One of the difficulties in developing a software application is determining and meeting the needs of the end user. This problem is easily solved by writing a user's story, which allows us to understand the end user's point of view. This article defines a user story, the benefits of writing one, and how to write one.
User stories are agile software development tools used to explain a software feature written from the end user's perspective in an easy-to-understand format.
They are not written in detail and should not be big or small.
They only explain how a particular type of work will add value to the end user, who can be either colleagues or external users. They are written down on index cards, sticky notes, and project management software.
Some of the benefits of the user story include but are not limited to these:
- It helps the teams deliver high-quality content.
- It enables collaboration with team members.
- It helps in improving transparency.
- It reduces risk by giving clarity to the requirement of the user.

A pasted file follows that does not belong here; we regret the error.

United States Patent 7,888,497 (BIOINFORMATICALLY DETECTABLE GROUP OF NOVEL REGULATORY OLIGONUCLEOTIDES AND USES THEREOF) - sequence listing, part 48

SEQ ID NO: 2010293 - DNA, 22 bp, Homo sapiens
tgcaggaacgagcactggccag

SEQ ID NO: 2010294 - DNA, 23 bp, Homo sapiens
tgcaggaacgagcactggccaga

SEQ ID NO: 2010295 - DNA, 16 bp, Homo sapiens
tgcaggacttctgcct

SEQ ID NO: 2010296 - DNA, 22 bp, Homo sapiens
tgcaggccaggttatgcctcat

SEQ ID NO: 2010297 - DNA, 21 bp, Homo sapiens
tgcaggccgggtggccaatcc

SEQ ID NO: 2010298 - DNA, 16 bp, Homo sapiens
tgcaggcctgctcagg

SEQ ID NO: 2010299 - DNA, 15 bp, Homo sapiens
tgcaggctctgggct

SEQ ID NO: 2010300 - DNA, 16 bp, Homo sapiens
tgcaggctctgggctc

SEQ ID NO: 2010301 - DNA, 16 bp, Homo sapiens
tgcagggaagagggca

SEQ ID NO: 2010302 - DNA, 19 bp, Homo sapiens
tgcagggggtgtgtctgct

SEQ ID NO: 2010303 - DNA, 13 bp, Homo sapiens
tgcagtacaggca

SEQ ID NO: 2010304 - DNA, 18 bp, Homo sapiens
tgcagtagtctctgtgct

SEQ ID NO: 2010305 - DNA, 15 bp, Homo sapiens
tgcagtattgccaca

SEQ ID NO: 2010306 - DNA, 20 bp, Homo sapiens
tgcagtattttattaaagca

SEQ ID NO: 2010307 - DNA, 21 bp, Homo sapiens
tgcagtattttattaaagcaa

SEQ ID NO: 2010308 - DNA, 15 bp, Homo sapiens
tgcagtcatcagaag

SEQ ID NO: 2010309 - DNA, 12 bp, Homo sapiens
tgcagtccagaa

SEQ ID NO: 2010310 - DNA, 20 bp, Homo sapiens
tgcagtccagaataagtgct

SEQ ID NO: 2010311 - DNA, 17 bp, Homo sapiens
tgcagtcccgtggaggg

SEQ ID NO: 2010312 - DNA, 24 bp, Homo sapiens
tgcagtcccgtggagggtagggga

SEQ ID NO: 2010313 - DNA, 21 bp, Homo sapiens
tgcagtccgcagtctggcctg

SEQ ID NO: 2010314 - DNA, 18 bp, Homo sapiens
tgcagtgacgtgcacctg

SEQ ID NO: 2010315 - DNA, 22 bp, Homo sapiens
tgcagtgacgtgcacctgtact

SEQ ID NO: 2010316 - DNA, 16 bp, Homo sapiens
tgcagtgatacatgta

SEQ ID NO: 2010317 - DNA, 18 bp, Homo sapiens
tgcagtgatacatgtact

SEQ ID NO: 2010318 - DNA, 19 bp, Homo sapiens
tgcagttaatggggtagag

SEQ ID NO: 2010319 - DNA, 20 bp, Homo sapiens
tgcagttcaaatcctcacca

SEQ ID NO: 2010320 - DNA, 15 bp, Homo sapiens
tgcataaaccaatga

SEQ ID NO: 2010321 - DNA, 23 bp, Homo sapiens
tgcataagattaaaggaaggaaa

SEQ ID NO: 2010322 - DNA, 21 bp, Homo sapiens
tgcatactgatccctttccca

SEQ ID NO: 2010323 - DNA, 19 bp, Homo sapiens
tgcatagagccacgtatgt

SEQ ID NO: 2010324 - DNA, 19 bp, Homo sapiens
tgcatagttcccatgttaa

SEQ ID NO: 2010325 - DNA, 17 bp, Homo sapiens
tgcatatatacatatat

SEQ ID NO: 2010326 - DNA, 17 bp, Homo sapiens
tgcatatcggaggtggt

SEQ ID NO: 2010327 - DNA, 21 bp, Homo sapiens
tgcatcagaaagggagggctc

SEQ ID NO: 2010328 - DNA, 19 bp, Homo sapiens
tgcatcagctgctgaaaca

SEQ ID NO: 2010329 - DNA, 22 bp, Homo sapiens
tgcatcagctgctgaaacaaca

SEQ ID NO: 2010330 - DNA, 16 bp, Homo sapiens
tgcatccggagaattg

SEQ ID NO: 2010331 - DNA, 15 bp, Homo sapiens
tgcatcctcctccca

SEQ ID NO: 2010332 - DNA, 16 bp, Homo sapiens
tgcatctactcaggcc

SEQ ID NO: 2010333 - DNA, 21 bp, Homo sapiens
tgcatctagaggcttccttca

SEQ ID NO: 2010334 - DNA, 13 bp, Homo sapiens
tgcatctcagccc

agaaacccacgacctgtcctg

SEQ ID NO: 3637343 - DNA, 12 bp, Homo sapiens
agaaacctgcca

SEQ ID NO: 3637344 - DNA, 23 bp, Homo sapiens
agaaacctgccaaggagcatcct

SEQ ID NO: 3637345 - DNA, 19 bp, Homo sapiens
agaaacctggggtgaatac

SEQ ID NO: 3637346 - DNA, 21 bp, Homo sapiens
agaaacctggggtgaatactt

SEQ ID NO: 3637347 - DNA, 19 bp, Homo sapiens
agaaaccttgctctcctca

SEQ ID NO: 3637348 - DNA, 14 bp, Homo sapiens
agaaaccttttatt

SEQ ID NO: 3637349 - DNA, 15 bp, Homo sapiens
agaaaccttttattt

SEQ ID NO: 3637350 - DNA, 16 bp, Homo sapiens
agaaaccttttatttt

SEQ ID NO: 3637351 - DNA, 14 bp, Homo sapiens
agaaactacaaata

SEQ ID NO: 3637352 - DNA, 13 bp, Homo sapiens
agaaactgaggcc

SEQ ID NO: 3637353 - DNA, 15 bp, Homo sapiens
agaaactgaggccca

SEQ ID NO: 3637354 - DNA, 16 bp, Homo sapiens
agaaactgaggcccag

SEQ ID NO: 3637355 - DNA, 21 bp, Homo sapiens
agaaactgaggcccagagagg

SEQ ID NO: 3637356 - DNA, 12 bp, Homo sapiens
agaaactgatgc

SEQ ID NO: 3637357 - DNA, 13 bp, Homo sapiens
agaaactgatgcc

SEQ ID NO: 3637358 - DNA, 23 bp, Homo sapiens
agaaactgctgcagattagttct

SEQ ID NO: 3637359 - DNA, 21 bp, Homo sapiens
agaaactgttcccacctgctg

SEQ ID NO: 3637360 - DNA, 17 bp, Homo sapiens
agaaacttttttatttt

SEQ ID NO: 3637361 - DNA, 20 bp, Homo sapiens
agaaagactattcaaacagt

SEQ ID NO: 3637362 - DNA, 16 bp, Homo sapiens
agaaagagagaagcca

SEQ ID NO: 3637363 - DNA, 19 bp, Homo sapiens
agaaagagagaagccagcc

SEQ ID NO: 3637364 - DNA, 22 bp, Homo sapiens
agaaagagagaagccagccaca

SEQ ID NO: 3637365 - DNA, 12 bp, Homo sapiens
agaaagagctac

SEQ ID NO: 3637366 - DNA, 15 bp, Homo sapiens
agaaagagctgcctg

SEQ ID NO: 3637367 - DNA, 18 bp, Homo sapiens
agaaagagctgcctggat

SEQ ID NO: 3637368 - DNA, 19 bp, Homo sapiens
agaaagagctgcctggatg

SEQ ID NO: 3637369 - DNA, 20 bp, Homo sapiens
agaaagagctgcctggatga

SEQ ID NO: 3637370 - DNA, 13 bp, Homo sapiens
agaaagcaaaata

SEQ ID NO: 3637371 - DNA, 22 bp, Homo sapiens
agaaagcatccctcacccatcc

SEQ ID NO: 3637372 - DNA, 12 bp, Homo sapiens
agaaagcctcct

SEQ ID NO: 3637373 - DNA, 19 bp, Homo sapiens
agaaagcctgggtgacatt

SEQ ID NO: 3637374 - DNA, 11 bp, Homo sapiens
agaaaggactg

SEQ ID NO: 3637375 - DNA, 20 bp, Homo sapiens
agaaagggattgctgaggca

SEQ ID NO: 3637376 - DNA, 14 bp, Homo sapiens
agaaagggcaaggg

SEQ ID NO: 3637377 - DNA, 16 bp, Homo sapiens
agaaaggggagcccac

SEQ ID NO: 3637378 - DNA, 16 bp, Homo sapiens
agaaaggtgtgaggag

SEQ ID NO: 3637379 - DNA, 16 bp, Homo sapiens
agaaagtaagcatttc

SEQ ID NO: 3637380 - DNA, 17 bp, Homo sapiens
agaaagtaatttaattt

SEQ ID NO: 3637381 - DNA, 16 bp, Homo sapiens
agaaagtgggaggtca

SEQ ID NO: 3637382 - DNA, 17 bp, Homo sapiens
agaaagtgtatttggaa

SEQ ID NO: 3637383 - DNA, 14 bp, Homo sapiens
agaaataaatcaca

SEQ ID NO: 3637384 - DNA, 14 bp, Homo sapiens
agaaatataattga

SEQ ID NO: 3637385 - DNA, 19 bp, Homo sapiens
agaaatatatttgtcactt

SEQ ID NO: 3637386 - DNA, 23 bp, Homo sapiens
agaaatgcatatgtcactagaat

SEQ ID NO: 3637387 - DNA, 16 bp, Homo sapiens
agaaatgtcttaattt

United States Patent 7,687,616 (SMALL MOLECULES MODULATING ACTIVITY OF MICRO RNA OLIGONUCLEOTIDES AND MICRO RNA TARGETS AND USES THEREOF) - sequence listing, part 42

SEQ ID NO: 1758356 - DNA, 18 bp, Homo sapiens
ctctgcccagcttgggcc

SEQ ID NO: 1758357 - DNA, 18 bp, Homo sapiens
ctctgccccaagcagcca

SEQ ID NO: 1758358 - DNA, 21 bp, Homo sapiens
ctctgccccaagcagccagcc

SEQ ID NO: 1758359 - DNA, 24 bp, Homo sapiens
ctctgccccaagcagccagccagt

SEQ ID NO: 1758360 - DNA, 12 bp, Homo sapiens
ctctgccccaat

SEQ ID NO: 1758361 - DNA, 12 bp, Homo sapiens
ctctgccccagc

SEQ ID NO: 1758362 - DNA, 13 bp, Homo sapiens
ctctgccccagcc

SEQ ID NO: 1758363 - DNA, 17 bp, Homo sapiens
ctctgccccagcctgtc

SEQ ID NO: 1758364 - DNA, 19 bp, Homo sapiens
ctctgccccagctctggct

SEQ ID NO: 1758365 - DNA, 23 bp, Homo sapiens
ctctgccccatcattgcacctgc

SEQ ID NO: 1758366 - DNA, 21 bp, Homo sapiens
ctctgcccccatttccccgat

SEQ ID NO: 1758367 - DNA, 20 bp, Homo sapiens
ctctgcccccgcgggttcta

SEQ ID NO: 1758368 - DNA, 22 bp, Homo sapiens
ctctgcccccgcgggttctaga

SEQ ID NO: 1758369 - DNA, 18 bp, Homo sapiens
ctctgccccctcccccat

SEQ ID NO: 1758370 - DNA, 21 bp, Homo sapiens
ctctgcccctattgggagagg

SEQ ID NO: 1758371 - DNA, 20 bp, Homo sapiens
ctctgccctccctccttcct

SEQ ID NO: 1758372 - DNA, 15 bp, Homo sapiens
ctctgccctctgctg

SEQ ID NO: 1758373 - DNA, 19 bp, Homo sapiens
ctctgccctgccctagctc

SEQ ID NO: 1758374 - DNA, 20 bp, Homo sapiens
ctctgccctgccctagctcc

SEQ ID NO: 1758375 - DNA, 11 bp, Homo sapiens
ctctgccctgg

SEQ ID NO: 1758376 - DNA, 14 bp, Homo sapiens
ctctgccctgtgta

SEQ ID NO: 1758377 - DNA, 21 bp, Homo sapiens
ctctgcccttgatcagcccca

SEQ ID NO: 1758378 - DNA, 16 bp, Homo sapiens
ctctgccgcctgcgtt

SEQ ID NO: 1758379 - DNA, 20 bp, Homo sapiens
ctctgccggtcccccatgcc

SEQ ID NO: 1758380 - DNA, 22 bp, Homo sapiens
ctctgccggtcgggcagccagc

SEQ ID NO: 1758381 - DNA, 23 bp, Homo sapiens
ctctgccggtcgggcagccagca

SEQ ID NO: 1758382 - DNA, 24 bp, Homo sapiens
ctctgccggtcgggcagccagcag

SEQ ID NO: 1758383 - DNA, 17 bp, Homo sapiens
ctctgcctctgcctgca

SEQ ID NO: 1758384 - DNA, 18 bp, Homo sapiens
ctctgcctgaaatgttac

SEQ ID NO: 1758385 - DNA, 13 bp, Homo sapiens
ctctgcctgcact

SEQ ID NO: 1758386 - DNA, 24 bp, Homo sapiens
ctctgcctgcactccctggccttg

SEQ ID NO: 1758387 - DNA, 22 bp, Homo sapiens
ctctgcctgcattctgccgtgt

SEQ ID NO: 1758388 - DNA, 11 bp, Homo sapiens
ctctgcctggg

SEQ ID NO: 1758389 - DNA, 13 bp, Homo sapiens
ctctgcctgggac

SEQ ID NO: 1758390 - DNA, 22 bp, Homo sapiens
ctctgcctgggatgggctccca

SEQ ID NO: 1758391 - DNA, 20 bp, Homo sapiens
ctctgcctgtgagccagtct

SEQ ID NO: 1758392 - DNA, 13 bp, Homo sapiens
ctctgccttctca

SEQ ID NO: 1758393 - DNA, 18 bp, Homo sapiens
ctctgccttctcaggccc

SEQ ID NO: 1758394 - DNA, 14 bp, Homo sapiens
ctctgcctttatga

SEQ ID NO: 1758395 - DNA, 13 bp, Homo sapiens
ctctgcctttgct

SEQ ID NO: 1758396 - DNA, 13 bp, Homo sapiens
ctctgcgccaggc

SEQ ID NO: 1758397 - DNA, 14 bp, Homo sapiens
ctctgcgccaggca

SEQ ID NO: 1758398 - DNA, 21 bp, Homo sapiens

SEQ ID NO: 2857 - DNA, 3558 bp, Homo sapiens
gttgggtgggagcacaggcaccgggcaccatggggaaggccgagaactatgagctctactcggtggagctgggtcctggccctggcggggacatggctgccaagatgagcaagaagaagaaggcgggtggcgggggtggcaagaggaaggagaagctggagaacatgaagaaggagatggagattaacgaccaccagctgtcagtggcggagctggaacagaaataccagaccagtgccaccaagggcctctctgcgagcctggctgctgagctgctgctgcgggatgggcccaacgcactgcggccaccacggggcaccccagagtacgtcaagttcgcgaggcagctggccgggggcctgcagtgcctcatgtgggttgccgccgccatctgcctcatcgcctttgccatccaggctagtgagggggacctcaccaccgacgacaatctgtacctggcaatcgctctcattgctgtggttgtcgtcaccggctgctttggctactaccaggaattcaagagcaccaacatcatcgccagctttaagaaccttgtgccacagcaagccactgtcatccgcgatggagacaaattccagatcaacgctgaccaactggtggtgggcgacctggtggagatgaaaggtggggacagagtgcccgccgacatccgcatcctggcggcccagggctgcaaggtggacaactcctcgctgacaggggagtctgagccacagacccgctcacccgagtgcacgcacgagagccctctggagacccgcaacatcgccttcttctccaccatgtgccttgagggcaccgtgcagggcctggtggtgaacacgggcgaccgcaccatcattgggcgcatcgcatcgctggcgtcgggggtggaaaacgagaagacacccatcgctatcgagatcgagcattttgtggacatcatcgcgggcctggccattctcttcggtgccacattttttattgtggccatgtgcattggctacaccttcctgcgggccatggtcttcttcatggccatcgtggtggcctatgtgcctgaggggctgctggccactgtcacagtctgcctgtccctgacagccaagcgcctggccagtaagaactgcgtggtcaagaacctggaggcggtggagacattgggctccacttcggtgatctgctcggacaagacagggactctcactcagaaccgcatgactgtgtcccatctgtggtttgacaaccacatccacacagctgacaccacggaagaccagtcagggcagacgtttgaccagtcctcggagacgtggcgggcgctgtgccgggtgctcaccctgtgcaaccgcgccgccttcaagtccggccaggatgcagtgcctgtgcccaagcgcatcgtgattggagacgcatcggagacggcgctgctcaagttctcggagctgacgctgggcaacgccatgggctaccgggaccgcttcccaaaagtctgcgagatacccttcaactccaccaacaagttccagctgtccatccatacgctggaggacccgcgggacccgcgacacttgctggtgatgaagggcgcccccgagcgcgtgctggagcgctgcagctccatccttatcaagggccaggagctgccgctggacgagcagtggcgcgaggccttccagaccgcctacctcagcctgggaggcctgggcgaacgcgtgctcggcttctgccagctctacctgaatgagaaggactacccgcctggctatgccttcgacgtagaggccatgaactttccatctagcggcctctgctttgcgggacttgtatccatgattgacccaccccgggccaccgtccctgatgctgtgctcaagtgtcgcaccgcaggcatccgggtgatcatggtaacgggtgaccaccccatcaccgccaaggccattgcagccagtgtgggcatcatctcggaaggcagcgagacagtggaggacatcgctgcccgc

- It helps in supporting iterative development.
- It helps focuses on vocal communication
User stories capture the most critical aspects of a requirement:
- Who is it aimed at?
- What does it expect of the system?
- Why is it valuable (optional)?
They are written in this format:
As a [role], [i want to] [so that]
The “role” refers to the user that would interact with the system
The “want to” represents the behavior of the system and is peculiar to each story.
“So that” explains the benefit of the story.
As an example:
As a manager, I want to be able to track my team’s progress so that I can record our successes and failures.
User stories can be understood by anyone and keep you from becoming entangled in technical jargon. It develops each proposed idea for new functionality from the point of view of real users.